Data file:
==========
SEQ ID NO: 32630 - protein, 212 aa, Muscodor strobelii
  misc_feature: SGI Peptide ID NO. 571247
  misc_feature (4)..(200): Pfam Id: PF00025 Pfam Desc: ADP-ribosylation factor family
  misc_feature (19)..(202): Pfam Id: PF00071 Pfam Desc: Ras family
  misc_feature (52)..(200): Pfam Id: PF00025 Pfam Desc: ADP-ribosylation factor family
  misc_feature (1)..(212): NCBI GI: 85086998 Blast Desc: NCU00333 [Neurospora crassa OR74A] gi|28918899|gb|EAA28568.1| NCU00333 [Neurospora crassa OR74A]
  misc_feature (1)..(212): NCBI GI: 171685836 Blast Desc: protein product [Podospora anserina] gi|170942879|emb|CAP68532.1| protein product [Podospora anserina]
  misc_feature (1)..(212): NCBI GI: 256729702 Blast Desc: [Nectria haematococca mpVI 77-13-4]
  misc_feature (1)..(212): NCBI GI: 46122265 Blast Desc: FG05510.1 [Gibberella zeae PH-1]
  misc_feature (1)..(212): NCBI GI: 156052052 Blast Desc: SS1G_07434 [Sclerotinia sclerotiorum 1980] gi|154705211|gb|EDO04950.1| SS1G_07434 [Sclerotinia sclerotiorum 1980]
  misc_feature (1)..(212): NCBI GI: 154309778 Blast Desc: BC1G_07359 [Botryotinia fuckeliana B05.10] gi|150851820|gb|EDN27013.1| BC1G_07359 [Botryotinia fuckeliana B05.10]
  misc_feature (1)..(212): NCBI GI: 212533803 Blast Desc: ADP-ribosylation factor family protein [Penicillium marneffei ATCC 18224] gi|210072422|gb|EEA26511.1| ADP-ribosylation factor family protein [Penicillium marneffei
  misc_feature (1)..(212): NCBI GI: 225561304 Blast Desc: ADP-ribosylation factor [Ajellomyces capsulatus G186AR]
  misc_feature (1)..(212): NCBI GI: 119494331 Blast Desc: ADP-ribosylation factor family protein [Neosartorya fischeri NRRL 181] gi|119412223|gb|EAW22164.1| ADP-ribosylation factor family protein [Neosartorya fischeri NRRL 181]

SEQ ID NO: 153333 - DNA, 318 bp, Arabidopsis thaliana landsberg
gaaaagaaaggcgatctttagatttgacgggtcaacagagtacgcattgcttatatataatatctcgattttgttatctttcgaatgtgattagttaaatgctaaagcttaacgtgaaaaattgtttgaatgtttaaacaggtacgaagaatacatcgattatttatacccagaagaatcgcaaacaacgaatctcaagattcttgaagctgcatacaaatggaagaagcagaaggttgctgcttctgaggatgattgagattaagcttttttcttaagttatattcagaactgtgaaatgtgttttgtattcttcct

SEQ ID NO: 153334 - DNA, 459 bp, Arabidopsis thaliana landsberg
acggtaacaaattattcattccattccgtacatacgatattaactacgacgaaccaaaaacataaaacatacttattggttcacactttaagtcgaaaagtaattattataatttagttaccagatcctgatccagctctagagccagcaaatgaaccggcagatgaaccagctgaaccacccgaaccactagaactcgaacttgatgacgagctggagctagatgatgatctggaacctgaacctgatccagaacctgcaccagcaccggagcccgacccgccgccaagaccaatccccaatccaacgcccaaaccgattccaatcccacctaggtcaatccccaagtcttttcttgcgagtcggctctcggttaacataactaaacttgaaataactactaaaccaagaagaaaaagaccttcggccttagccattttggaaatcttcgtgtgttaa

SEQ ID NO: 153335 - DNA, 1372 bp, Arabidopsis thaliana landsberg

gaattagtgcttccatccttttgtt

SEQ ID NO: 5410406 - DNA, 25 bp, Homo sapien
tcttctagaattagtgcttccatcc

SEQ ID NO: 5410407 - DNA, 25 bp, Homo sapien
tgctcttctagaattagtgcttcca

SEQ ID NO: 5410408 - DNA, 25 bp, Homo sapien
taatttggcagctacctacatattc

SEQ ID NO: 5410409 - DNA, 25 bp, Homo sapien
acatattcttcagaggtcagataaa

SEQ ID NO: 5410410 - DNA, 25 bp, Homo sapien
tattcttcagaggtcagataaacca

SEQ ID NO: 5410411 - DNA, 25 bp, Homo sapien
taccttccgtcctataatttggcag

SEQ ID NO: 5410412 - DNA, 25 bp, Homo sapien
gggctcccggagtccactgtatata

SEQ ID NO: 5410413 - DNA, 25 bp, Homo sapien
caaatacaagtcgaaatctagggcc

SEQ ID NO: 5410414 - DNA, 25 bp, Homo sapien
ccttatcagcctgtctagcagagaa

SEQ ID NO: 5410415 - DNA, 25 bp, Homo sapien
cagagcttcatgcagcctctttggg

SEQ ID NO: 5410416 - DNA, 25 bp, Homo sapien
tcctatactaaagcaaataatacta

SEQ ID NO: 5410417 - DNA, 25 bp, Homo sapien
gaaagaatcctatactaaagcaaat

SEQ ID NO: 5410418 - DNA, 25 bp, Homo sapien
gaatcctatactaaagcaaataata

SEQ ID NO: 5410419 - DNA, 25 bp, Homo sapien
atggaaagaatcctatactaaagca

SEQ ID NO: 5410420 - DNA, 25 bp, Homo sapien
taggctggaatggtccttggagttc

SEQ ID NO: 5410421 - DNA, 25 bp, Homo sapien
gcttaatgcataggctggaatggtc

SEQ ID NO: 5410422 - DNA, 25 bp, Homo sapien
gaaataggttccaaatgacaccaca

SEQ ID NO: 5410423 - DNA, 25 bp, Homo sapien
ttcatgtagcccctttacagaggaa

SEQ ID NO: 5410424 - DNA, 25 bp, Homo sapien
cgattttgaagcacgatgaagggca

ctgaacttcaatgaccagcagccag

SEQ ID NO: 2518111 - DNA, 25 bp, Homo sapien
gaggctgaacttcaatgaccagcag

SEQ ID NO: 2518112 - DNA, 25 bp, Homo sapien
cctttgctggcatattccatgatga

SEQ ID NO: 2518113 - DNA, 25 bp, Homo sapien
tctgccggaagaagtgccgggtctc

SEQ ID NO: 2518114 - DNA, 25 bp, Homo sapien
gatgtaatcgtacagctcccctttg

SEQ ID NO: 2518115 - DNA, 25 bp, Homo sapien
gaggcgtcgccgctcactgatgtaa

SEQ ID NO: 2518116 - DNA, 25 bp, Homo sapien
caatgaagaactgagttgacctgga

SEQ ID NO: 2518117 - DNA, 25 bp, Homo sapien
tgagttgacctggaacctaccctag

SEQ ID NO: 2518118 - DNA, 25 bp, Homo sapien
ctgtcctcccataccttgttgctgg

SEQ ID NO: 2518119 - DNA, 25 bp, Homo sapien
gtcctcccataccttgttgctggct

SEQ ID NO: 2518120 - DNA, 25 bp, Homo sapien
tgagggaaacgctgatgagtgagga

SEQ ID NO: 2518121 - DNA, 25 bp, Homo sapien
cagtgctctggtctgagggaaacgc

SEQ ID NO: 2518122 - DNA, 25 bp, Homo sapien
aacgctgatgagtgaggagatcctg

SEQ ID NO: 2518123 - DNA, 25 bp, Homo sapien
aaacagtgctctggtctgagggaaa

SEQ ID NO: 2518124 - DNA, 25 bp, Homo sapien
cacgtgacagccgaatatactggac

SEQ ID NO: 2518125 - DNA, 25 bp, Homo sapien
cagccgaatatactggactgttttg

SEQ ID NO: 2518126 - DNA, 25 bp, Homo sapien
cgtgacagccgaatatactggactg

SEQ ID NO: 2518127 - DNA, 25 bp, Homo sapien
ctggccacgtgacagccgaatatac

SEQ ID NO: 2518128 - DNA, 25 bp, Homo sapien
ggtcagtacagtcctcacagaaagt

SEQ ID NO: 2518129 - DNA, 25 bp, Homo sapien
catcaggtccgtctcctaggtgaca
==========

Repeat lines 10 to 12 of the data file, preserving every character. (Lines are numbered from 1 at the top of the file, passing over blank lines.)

  misc_feature (1)..(212): NCBI GI: 156052052 Blast Desc: SS1G_07434 [Sclerotinia sclerotiorum 1980] gi|154705211|gb|EDO04950.1| SS1G_07434 [Sclerotinia sclerotiorum 1980]
  misc_feature (1)..(212): NCBI GI: 154309778 Blast Desc: BC1G_07359 [Botryotinia fuckeliana B05.10] gi|150851820|gb|EDN27013.1| BC1G_07359 [Botryotinia fuckeliana B05.10]
  misc_feature (1)..(212): NCBI GI: 212533803 Blast Desc: ADP-ribosylation factor family protein [Penicillium marneffei ATCC 18224] gi|210072422|gb|EEA26511.1| ADP-ribosylation factor family protein [Penicillium marneffei